Felix Hernandez stands alone. With a second-inning strikeout of Red Sox shortstop Xander Bogaerts, the Mariners’ starter became the only pitcher to strike out at least 200 batters in each of the last six seasons. Tigers starter Justin Verlander entered the season with five in a row of his own, but as he currently stands at 118 strikeouts and hasn’t pitched in two weeks, Hernandez will be by himself when the season is over.
Hernandez was rolling until he allowed a sixth-inning, three-run home run to Yoenis Cespedes. It marks the first time he’s given up three-plus runs in a start since May 12. He left with two outs in the sixth, relieved by Brandon Maurer.
Hernandez came into tonight’s start in Boston with a league-leading 1.99 ERA and a 0.87 WHIP. While arguments can be made for some other starters, Hernandez appears to be the current favorite to take home the American League Cy Young award when the season ends. If he does, he’ll have two on his mantle.
Chris Sale of the White Sox is closest to Hernandez in ERA at 2.12, but has pitched 50 fewer innings and it will be close to 60 when tonight’s games are over. Corey Kluber is next in ERA at 2.46, but that’s about a half-run per nine innings ahead of Hernandez. Garrett Richards has the next-best ERA, but he just suffered a season-ending knee injury.
The Miami Herald reports that a search warrant affidavit connected to the investigation of the boat crash which killed Marlins pitcher Jose Fernandez says the bodies Fernandez and his friends had a “strong odor of alcohol” on them when they were recovered by divers.
The warrant was released today by the Miami-Dade state attorney’s office. It was executed for purposes of seeking possible criminal culpability in the fatal crash, though given that all of the boat’s occupants were killed, it is unclear what if any further steps law enforcement might take. The search warrant affidavit does mention a receipt for alcohol from a Miami Beach bar Fernandez and his friends had been to before the accident.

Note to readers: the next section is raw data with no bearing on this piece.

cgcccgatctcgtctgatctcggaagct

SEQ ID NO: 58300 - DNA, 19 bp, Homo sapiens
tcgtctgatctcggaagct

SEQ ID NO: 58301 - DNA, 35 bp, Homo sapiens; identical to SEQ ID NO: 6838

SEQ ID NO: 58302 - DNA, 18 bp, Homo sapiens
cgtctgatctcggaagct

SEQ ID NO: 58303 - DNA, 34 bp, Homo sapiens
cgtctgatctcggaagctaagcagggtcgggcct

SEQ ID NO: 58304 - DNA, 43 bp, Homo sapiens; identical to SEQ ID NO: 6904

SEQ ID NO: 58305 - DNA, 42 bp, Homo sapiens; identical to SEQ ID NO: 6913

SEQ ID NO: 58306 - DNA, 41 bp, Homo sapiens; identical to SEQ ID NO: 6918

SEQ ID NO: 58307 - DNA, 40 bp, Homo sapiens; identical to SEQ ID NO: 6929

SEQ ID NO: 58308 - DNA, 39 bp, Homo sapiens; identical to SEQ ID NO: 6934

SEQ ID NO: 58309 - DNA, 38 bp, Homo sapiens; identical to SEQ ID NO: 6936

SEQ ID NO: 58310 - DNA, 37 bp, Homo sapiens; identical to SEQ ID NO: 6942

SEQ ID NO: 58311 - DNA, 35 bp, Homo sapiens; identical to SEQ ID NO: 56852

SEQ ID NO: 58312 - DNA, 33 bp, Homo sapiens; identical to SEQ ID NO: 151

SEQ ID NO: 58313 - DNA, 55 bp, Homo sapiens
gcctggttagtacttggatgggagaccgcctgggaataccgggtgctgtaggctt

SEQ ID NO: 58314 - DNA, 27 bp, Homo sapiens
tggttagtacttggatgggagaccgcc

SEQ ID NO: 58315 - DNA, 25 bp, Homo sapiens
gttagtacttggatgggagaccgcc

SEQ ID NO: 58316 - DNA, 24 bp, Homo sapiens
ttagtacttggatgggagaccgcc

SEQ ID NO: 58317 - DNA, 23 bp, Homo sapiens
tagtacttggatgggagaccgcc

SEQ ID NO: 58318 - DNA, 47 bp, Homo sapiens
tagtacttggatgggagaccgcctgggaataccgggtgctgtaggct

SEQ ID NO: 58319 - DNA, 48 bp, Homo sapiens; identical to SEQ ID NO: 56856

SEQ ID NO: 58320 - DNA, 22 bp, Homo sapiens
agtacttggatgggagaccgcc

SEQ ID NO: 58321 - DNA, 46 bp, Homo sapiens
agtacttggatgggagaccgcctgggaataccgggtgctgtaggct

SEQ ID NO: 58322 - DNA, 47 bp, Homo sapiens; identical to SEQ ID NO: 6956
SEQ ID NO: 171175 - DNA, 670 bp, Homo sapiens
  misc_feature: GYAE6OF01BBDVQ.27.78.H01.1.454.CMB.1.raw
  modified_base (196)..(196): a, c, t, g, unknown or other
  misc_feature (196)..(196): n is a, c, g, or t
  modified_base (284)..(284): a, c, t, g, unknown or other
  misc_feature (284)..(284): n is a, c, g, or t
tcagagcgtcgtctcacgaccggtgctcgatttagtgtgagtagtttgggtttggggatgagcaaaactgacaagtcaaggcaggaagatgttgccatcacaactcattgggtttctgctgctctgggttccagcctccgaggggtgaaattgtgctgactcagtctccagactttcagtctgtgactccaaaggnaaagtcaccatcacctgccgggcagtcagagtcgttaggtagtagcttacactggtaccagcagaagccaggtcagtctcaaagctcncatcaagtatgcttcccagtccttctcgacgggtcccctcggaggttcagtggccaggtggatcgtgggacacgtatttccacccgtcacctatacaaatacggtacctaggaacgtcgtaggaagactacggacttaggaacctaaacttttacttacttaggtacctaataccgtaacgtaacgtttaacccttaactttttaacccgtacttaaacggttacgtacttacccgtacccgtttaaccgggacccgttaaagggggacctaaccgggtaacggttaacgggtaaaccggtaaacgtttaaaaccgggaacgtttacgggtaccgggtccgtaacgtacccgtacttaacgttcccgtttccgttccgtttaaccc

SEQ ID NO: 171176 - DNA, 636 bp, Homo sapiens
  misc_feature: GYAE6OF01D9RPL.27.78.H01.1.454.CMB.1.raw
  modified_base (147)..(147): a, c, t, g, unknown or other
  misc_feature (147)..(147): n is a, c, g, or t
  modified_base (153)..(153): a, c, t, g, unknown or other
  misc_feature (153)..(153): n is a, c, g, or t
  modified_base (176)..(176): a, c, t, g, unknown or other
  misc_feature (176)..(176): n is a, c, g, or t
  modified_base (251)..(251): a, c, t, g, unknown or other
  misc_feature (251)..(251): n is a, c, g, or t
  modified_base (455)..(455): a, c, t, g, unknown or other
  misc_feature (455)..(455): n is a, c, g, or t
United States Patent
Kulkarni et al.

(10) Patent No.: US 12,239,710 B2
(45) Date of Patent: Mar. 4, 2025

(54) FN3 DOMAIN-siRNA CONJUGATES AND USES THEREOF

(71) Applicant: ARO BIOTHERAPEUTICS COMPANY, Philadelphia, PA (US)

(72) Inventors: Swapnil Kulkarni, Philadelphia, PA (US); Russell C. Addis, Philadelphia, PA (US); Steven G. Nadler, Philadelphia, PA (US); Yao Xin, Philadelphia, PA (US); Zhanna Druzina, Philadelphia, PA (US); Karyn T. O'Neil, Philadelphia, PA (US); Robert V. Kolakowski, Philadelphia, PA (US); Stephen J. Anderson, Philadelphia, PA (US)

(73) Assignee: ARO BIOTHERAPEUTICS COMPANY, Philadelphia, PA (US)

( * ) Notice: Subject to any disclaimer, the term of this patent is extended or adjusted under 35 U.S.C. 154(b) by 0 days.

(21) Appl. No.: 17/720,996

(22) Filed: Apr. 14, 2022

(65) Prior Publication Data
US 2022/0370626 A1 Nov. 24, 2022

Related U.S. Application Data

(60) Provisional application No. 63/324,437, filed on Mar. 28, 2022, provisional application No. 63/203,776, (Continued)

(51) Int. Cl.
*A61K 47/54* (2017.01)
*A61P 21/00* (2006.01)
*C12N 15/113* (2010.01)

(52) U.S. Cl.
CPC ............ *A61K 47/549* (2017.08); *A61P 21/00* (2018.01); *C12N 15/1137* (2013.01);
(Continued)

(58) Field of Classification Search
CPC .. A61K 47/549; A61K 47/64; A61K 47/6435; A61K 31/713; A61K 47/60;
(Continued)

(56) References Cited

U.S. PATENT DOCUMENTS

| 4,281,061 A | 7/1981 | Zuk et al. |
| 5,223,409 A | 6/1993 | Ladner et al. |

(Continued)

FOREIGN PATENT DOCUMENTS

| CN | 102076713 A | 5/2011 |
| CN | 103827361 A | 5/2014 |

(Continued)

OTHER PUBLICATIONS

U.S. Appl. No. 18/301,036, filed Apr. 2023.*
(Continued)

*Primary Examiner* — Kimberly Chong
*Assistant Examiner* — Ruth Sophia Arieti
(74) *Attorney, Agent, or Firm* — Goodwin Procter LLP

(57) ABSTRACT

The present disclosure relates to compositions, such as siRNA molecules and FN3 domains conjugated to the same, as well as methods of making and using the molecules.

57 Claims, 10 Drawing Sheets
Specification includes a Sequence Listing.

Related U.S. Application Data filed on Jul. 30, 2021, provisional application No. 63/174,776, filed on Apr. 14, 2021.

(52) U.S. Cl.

The warrant likewise says investigators found evidence that the driver of the vessel was driving at a high rate of speed and with a “recklessness’’ that was “exacerbated by the consumption of alcohol.”
Major League Baseball and Fox won’t openly root for any specific team to make the World Series. But you can bet they’re pretty happy with the Cubs making it thanks to the ratings they’re delivering.
The Indians win over the Chicago in Game 1 last night drew a 12.6 overnight rating. That means, on average, 12.6 percent of the TVs in the largest 56 markets were tuned in to the game. That’s the best World Series first game rating since 2009 when the Phillies-Yankees game drew a 13.8 overnight rating. Last night’s rating was up 20% from last year’s 10.5 between the Royals-Mets and up 58% from the Giants-Royals in 2014.
Now the rooting, however quiet it may be, will continue: for the Cubs to make a series out of this so as to keep the magic numbers coming.